In the past week, Chilean Senator Felipe Harboe issued a serious statement on Twitter. He revealed that the company running the countries ATM bank network, Redbanc had suffered a serious cyber attack.
Local news sites started to release stories offering further details of the attack. Shortly before this, Redbanc had released a public statement admitting the attack had taken place.
Little information beyond this was released by the company. However, they confirmed the network was not disrupted and was functioning normally.
In the statement, they said: ‘As established in our protocols, we kept the different industry players and authorities informed at all times, with total transparency and spirit of collaboration.’
One Chilean news site claims the attack was the result of a LinkedIn advert which offered a developer role within Redbanc.
A Skype call was set up by the attackers to conduct the interview. During this interview, the employee was persuaded to download a file called ApplicationPDF.exe. This file then infected the employee’s computer and started the hacking process.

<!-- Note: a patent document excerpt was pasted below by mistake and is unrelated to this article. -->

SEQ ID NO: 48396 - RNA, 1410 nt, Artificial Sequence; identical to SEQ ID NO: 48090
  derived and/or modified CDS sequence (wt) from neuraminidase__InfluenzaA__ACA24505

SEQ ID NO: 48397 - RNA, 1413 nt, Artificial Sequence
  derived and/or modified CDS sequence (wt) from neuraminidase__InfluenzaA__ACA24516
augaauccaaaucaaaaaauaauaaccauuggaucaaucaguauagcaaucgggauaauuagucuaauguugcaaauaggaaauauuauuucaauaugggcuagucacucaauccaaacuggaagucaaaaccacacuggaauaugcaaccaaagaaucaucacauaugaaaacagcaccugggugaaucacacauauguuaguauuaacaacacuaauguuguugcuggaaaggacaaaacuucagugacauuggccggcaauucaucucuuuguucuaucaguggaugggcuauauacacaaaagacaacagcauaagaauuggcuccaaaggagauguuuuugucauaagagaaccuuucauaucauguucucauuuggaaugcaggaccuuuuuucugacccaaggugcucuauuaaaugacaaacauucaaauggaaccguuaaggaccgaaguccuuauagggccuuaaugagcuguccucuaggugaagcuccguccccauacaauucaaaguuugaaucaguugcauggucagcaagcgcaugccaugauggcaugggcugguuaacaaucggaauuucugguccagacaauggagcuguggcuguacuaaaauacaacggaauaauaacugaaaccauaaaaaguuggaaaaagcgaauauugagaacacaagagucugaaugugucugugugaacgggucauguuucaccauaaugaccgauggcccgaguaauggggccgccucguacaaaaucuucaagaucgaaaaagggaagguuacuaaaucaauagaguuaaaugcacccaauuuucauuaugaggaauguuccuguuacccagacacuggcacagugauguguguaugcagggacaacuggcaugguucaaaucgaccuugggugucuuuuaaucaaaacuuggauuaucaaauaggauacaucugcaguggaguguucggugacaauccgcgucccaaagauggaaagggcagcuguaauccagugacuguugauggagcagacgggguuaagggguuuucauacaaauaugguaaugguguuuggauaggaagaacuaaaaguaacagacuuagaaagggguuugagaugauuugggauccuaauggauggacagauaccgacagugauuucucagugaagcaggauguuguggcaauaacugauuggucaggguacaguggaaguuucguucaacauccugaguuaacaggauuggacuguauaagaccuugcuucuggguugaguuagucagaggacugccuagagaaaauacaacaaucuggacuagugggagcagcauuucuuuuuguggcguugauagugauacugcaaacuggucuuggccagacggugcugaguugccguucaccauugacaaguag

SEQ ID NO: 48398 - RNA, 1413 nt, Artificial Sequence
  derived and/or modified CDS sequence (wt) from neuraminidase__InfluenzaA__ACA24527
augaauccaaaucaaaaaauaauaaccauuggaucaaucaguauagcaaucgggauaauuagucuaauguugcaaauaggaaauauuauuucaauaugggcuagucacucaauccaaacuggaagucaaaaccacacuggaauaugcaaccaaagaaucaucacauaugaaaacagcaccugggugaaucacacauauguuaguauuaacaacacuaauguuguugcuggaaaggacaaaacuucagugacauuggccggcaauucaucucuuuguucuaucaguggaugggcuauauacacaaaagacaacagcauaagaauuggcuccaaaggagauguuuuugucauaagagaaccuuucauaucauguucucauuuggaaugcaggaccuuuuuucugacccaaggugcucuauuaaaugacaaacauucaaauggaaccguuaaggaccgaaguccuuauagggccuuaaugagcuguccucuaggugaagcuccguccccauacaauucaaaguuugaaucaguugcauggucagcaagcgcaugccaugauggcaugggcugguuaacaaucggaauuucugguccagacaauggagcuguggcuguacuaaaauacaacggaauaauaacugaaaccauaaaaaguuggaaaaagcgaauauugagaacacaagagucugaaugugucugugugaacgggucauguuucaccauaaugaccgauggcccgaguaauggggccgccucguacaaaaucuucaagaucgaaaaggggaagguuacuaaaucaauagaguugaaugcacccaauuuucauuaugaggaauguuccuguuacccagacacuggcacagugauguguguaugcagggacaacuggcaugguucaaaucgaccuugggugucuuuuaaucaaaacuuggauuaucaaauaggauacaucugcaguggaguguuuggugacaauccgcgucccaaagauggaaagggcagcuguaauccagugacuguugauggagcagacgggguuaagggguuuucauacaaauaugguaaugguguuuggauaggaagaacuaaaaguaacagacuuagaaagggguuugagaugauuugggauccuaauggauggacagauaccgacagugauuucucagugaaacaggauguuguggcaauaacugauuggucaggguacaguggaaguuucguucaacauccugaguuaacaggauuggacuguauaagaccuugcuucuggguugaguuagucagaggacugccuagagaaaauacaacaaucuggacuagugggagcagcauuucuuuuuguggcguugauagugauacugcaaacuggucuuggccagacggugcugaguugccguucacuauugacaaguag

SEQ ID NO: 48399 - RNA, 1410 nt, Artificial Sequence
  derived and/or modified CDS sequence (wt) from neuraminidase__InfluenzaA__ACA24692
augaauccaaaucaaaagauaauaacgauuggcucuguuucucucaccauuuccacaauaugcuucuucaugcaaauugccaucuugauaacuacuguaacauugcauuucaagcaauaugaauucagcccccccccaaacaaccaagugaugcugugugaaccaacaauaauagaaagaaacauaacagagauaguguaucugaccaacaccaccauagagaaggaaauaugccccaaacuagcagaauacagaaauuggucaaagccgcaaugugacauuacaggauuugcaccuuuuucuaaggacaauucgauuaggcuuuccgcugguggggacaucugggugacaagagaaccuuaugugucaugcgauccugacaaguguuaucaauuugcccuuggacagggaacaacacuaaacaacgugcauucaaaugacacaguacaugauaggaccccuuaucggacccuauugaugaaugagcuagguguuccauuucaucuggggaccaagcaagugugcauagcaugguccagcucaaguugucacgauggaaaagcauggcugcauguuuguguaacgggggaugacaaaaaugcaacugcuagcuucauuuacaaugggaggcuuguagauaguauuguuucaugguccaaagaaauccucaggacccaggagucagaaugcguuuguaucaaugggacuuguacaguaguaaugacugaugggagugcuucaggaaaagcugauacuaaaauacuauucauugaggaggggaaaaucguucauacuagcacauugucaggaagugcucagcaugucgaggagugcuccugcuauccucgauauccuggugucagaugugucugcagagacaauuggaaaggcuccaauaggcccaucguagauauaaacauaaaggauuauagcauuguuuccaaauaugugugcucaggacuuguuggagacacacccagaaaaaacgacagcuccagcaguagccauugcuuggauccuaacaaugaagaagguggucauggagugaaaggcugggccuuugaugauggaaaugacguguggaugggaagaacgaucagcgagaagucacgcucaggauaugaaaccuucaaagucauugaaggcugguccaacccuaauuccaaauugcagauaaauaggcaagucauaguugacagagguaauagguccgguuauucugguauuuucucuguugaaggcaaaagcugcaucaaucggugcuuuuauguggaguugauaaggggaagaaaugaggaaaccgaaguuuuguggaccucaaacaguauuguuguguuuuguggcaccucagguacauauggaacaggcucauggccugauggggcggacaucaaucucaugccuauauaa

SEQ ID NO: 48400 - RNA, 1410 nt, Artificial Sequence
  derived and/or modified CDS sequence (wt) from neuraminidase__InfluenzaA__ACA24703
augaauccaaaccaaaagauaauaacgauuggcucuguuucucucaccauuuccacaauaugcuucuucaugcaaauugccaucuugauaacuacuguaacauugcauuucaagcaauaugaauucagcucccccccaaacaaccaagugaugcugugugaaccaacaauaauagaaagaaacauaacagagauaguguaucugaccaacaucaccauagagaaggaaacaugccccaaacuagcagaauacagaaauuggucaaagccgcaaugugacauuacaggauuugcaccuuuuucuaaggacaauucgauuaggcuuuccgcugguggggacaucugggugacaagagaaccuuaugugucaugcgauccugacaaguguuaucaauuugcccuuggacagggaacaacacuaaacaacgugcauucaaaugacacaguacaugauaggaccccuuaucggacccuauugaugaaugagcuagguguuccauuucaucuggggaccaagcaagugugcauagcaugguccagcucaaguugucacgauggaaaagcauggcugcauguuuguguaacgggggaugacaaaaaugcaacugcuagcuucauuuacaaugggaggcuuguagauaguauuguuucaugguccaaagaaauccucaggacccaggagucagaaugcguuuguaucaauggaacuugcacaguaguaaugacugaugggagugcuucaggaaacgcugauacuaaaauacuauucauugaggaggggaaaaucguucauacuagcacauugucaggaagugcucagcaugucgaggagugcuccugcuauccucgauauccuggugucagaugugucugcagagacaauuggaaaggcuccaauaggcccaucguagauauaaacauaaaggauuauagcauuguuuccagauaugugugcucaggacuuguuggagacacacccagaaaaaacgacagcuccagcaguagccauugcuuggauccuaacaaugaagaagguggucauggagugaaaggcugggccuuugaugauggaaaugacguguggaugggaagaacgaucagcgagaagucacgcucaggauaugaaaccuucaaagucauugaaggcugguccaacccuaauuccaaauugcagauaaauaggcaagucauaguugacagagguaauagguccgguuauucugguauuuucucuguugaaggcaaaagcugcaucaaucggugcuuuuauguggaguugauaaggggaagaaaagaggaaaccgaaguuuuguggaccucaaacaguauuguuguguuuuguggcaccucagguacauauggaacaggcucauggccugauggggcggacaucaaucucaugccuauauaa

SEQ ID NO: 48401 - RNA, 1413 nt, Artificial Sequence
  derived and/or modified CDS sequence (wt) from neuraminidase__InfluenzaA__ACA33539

Searching For Security Gaps
The malware used could now start exploring the companies network. At some point, the company discovered the search for security flaws. Further probes were then blocked and the malware removed.
Despite the discovery of the malware, it raised questions about how easy it was to access the companies systems.
This attack has called into question the use of social engineering and how employees react to cyber threats. Employees receive training to avoid emails that look suspicious, though other types of attack might need more awareness.
One way to stop these attacks is to ask employees to get authentication before accepting files. This would stop many of the phishing scams and other attacks before they start to communicate.
Teaching employees how to use tools such as Skype correctly could also help to avoid problems in the future.